Weill of Chapel Hill; Cornelia Bland Wright of Winston-Salem; C. Pleasants York of Sanford
 
The Poetry winners are: Louise Barden and Mary Kratt of Charlotte; Sally Logan and Margaret Rabb of Chapel Hill; Andrea Bates of Wilmington; Kenneth Chamlee of Etowah; L. Teresa Church of Durham; Jan Donaldson of Fayetteville; Mary Hennessy of Raleigh; Glenna Luschei of Wilkesboro; Jennifer S. Madriaga of Henderson; Joanna McKethan of Dunn; Claire A.
Pittman of Greenville; Betty Ritz Rogers of Greensboro; Patricia Riviere-Seel of Asheville
 
The Creative Nonfiction winners are: Paul Austin and Jennifer King of Durham; Susan Gladin and Amanda Gladin-Kramer of Hillsborough; Lori Horvitz and Marla Hardee Milling of Asheville; Bridgette A. Lacy, Susan Byrum Rountree and Sheilah Barton Zimpel of Raleigh; Phronjia Bradley of Charlotte; Glenn Edward Busch of High Point; Eden Foster of Hendersonville;
Sigrid Hice of Hickory; Carole Moore (Lynch) of Jacksonville; John Thomas York of Greensboro.
 
The Teen writers are: Anna Charlton, Kelsey McKinney, and Jesse McLeod of Raleigh; Carolyn Gray and Nyssa M. Johnson of Cary; Caitlin Conner and Alice Turner of Hillsborough; Kate Somer and Victoria (Torii) Spring of Durham; Lisa Bledsoe of Clayton; Amanda Griffin of Charlotte; Kate Jessup of High Point; Joshua King of Gastonia; Elizabeth A. Overcash of
Franklinton; Caitlin Prillamin of Chapel Hill.
 
Participants will live at Peace College for one week and engage in intensive writing workshops, attend craft classes, participate in mentoring sessions, and hear guest readers. Faculty will be Doris Betts, author of nine fiction books and former Alumni Distinguished Professor of English at the University of North Carolina at Chapel Hill; Fred Chappell, former Poet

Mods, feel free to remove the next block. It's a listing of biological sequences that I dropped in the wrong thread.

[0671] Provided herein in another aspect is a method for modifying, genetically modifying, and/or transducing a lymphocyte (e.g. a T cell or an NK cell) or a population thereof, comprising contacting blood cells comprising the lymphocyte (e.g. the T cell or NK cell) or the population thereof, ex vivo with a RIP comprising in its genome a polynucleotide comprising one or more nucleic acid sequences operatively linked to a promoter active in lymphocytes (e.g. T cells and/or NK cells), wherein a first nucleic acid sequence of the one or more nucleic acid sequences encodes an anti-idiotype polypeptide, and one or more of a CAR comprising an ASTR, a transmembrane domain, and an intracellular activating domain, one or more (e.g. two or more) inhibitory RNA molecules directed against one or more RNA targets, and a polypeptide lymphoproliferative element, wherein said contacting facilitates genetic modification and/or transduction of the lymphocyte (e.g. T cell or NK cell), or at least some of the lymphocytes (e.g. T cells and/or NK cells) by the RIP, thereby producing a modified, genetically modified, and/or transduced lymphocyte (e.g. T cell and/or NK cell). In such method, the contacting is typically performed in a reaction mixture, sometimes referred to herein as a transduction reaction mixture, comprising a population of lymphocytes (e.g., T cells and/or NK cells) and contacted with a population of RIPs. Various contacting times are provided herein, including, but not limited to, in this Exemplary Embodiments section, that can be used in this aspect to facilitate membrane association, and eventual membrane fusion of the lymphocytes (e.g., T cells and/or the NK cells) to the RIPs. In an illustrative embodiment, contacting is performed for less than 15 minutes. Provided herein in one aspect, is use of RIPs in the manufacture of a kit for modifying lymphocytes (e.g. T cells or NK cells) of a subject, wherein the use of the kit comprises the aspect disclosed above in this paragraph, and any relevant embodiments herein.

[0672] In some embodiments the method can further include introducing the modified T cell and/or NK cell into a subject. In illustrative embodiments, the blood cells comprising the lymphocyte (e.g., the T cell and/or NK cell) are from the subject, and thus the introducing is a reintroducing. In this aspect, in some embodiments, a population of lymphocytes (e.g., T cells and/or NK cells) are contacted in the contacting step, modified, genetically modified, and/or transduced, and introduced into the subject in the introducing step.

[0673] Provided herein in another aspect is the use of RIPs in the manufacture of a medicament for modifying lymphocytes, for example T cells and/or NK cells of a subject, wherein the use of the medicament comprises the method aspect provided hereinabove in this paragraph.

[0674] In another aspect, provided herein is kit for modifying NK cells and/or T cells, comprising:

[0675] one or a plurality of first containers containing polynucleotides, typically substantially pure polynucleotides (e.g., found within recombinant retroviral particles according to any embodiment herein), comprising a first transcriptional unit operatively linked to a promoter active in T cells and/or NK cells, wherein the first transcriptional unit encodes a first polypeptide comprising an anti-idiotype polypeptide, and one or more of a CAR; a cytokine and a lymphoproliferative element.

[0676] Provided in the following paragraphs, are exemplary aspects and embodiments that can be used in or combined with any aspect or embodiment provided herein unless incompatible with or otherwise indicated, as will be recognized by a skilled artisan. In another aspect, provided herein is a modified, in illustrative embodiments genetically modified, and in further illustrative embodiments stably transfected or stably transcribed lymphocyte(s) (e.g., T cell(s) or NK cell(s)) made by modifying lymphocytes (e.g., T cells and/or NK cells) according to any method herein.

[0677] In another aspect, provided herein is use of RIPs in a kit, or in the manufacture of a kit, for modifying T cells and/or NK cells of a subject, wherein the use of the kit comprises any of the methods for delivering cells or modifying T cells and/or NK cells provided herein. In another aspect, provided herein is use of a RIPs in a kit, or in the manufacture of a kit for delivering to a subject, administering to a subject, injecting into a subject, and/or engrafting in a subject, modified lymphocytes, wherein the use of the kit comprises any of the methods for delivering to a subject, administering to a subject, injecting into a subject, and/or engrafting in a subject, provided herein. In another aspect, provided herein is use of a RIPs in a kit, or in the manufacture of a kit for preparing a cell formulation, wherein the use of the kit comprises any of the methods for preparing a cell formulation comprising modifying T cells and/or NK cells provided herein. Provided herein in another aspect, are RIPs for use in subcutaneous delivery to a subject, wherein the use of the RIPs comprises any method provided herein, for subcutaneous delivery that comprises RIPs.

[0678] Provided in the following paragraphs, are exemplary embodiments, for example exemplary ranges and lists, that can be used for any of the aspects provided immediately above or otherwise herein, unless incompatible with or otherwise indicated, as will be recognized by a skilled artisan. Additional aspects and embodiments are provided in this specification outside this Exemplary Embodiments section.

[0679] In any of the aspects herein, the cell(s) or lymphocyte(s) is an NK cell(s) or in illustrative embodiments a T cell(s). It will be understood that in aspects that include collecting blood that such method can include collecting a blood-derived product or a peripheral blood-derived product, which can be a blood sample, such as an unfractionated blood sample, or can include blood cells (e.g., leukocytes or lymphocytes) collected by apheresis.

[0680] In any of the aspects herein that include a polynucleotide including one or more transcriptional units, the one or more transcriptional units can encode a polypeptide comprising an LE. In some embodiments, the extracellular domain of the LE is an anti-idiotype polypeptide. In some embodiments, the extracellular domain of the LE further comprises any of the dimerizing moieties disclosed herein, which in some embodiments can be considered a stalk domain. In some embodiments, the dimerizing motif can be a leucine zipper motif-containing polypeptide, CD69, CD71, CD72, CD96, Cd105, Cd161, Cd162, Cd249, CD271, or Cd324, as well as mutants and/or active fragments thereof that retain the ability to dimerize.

Laureate of North Carolina and professor of English at the University of North Carolina at Greensboro; Philip Gerard, author of three novels and several books of nonfiction and professor and director of the creative writing program at the University of North Carolina at Wilmington; and Rebecca McClanahan, author of eight books and former
Writer-in-Residence/Director of the Charlotte-Mecklenburg Poetry-in-the-Schools program.

2002 Self-Published African African American Awards Winners Announced

The Sistah Circle Book Club’s Self-Published African American Authors Awards, in its third year, has selected winners for their 2002 awards.  The various awards recognize African American writers who published their works independently. 

The Michael W. Catledge award is an annual award given to the self-published author who has worked diligently in writing, marketing and public relations.

The winners and honorable mentions for this year's award categories are as follows:

2002 Author of the Year
Brenda Thomas (winner)
Eric E. Pete (honorable)

Book of the Year
Promise Beyond Jordan - Vanessa Davis Griggs

Best Books in 2002

Fiction
That's The Way Love Goes - Daryl C. Diggs (winner)
Someone's In the Kitchen - Eric E. Pete (honorable)

Teen Fiction
Doing Just Fine - C. Annette Boyd
Finding the Rock - D. Earl Davis II

Non-Fiction
Through the Storm - Richard D. Williams
The Soul of a Black Woman - C. Highsmith Hooks

Mystery
Degree of Caution - Sibyl Avery Jackson
The Christmas Party - Chari Davenport

Thriller
Dark Side of Valor - Alicia M. Singleton
Prayer of Prey - Tony Lindsay

Self-Help
Sister Gumbo - Ursula Kindred, et. al.
Seasoned Cast Iron Skillet - Patsy Pullen

Christian Fiction
Promised Beyond Jorden - Vanessa Davis Griggs
Kiss of Judah - Renee Allen

Christian Non-Fiction
Secret Treasures for Wisdom - Kimberly Perry

Christian Self-Help